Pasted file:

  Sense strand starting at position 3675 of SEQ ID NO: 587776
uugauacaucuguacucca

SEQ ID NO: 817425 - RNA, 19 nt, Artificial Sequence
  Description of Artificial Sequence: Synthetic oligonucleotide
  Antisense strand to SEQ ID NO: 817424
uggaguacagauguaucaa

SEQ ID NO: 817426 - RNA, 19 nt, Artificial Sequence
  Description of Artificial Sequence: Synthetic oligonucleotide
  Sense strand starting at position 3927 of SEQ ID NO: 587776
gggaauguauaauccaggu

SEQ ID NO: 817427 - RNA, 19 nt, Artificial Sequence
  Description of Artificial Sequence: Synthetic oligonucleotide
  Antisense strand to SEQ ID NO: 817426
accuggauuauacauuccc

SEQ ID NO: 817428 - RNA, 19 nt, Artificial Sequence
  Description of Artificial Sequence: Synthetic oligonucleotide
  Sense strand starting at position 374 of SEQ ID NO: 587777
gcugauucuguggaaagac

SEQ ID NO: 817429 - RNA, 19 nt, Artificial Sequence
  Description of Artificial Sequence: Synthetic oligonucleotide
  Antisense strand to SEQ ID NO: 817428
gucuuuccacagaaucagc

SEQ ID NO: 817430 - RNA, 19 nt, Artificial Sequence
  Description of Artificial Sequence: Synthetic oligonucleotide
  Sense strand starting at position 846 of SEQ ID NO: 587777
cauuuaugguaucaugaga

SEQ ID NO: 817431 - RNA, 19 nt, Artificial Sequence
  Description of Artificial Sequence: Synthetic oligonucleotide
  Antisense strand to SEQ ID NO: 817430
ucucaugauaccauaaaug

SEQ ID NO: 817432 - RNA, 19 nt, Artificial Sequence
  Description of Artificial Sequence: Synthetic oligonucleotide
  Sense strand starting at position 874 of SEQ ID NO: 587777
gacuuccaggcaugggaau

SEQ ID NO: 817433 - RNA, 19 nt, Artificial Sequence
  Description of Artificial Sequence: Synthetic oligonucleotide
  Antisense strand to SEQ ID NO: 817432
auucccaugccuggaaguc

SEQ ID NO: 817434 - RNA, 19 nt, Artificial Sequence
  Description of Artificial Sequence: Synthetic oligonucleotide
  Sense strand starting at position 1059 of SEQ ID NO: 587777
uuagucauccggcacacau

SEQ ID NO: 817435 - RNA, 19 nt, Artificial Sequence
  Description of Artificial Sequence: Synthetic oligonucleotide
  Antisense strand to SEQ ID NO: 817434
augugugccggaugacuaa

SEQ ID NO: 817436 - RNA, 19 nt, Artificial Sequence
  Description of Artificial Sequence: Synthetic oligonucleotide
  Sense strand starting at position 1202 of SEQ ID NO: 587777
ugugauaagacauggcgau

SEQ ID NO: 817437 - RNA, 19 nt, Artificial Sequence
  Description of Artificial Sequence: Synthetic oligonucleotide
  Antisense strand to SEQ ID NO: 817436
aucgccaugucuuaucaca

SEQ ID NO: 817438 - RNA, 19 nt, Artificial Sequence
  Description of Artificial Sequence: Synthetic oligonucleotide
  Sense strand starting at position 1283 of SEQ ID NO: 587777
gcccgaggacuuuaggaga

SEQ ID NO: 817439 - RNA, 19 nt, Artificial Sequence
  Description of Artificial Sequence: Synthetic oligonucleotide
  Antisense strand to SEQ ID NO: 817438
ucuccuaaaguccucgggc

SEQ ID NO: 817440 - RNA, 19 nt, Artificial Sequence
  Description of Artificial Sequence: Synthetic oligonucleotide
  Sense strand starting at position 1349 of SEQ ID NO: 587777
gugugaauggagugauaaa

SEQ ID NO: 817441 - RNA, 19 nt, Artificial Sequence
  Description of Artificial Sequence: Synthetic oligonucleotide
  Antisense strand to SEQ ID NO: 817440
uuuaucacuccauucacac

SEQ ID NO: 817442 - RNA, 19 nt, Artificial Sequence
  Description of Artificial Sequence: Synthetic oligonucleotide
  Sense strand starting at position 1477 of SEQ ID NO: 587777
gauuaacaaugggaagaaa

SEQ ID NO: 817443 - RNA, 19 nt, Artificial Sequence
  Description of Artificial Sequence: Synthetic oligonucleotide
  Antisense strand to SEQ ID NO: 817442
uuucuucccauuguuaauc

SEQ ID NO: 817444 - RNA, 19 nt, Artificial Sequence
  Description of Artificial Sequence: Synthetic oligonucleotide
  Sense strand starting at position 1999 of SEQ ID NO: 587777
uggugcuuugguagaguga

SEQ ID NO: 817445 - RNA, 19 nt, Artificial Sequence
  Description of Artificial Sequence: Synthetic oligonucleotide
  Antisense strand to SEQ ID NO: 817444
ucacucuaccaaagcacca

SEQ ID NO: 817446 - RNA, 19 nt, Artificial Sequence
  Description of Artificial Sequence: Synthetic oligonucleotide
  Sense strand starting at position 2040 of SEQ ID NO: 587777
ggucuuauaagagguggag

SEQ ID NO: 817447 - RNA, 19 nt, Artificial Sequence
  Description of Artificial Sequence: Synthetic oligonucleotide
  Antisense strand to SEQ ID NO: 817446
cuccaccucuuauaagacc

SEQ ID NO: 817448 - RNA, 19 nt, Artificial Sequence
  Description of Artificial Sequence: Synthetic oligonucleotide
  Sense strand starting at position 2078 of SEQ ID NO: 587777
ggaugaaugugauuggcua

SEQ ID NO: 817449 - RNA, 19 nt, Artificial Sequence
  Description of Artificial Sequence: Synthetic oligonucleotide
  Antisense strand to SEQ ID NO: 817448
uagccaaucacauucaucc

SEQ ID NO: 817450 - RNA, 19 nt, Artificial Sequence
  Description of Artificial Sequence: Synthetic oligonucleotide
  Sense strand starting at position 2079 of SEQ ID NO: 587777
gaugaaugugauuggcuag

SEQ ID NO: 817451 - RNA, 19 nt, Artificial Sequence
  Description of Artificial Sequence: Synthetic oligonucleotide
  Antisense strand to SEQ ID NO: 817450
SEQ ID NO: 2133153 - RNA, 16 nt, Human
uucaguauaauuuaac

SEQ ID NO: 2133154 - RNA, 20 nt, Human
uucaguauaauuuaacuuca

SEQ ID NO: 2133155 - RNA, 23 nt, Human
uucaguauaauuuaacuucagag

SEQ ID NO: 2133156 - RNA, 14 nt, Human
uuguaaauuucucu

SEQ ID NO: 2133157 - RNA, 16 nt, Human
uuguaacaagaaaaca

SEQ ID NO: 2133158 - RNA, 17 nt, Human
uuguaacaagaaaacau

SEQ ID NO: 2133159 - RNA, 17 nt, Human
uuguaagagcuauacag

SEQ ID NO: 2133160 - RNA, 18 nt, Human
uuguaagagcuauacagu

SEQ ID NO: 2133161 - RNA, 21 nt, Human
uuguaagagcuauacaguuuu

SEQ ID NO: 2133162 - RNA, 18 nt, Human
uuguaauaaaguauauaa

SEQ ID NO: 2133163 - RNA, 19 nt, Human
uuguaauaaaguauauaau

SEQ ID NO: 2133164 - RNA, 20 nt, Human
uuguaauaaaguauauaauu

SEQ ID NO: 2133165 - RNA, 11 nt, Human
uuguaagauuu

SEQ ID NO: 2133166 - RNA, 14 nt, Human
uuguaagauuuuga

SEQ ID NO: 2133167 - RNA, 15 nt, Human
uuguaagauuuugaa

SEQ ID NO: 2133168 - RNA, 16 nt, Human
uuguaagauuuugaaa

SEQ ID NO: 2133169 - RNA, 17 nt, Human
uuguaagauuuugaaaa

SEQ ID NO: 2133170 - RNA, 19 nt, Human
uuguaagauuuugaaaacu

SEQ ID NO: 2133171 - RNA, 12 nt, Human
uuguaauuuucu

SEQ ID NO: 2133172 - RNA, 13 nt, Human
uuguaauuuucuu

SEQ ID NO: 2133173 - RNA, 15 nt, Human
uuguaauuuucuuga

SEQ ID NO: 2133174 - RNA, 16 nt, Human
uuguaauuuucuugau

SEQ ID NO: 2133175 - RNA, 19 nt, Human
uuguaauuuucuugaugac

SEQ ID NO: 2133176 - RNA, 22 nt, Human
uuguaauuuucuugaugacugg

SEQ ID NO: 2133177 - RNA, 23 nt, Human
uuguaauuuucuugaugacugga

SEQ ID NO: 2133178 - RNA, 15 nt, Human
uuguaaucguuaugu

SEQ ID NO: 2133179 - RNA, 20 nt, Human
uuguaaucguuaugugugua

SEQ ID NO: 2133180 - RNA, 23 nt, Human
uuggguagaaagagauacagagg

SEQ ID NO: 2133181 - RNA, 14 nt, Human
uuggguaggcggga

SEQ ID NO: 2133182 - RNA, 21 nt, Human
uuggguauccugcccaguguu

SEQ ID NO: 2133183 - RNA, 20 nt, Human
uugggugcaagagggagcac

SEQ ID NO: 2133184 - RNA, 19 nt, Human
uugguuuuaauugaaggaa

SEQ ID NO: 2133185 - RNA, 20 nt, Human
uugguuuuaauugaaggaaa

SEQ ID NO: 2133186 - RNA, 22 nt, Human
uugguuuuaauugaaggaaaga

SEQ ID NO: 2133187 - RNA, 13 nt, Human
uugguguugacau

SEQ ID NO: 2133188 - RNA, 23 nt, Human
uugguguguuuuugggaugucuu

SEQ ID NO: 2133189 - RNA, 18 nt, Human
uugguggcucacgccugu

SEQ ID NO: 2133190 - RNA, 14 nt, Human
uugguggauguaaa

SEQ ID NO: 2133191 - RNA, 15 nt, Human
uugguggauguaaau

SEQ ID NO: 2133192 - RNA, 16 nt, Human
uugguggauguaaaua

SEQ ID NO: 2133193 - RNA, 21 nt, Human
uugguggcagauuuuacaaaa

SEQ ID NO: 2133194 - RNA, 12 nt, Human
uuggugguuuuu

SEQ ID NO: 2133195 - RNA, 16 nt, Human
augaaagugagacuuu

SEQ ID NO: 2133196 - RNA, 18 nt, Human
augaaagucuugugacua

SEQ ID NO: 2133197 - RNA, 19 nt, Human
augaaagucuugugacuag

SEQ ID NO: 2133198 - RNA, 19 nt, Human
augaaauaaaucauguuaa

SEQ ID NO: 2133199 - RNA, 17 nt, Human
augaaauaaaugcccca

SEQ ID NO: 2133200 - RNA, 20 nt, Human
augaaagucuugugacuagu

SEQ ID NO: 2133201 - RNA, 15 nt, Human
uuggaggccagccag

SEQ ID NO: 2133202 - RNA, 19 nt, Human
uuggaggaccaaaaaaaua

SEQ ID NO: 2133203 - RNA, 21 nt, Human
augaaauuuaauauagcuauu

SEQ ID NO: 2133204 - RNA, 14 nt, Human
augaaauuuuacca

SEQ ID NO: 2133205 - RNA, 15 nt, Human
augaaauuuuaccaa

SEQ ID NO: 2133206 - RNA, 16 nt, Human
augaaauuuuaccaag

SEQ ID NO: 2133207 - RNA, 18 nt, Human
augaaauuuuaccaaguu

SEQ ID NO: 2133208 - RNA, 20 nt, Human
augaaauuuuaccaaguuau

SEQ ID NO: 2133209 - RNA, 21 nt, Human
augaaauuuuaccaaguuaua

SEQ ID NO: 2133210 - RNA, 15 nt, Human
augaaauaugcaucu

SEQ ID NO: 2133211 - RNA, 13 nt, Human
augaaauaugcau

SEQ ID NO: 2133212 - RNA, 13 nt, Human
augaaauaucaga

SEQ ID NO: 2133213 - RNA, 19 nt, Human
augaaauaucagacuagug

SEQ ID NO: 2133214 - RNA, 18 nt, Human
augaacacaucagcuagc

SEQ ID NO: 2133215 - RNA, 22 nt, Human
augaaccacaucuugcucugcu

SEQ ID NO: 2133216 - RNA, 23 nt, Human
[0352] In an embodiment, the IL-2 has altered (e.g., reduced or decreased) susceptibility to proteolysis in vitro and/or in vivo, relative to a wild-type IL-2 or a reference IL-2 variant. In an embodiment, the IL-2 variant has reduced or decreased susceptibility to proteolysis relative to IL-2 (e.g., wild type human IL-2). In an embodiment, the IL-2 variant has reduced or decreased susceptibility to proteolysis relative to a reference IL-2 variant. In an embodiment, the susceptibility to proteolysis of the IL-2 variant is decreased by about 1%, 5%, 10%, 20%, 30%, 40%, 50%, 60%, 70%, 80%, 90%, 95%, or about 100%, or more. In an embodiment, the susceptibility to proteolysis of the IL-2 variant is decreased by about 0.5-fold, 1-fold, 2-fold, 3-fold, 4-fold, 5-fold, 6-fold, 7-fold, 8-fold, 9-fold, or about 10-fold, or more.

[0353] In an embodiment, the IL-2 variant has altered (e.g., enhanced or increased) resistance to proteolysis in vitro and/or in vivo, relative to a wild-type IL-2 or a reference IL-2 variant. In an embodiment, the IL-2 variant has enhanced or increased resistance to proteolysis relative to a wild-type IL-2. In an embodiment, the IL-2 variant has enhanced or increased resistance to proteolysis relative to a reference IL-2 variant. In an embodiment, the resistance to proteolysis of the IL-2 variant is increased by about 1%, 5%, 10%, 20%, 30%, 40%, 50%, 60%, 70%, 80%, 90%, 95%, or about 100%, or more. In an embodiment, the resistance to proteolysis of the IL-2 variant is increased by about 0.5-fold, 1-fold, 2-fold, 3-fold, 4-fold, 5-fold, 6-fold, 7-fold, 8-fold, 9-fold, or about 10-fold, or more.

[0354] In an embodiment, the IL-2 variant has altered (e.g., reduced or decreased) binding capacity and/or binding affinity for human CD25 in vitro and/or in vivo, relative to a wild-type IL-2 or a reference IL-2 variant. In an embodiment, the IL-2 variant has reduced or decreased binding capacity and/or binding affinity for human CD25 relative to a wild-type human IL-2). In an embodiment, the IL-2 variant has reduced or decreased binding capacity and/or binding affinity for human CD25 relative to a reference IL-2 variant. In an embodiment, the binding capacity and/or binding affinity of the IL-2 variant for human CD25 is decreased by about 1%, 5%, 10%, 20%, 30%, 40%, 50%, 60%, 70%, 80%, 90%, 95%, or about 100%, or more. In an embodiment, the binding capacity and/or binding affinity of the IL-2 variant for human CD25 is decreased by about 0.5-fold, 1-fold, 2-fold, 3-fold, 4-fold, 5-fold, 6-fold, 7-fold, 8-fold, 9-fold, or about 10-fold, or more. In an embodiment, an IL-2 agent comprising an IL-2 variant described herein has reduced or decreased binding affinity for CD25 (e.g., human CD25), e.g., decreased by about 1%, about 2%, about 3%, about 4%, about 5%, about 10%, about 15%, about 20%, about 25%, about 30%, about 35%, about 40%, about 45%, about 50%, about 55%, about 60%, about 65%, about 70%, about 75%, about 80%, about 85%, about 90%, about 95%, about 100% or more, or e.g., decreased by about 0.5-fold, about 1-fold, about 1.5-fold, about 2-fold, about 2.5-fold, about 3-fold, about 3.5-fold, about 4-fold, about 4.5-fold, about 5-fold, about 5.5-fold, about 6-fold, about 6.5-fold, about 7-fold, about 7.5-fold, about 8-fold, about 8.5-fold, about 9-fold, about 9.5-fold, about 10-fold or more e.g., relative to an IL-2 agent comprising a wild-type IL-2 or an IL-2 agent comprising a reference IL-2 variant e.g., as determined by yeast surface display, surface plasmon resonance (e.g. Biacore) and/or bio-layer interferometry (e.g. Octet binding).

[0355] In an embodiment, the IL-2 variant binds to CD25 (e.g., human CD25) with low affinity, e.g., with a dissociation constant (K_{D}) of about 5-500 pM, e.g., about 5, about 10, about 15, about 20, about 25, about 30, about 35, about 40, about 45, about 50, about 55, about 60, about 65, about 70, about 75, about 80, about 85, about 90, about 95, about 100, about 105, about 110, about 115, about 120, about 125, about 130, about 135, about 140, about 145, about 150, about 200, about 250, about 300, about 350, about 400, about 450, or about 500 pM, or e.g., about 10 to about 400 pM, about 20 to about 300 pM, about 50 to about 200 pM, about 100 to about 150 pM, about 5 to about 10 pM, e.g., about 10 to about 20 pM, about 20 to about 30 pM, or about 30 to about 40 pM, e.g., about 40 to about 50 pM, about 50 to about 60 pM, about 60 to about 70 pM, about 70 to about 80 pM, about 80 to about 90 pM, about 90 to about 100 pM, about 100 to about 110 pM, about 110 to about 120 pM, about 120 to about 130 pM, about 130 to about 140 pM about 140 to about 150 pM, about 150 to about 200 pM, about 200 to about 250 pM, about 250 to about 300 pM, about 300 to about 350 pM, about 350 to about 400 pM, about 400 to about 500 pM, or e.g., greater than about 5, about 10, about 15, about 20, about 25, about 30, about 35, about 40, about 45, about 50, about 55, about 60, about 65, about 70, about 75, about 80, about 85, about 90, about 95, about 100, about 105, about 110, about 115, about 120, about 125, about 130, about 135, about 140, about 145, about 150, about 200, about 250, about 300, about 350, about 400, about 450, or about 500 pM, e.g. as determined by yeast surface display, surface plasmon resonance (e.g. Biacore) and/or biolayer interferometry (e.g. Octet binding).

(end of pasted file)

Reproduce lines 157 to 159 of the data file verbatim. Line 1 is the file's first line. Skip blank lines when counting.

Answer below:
uuguaauuuucuugaugacugg

SEQ ID NO: 2133177 - RNA, 23 nt, Human
uuguaauuuucuugaugacugga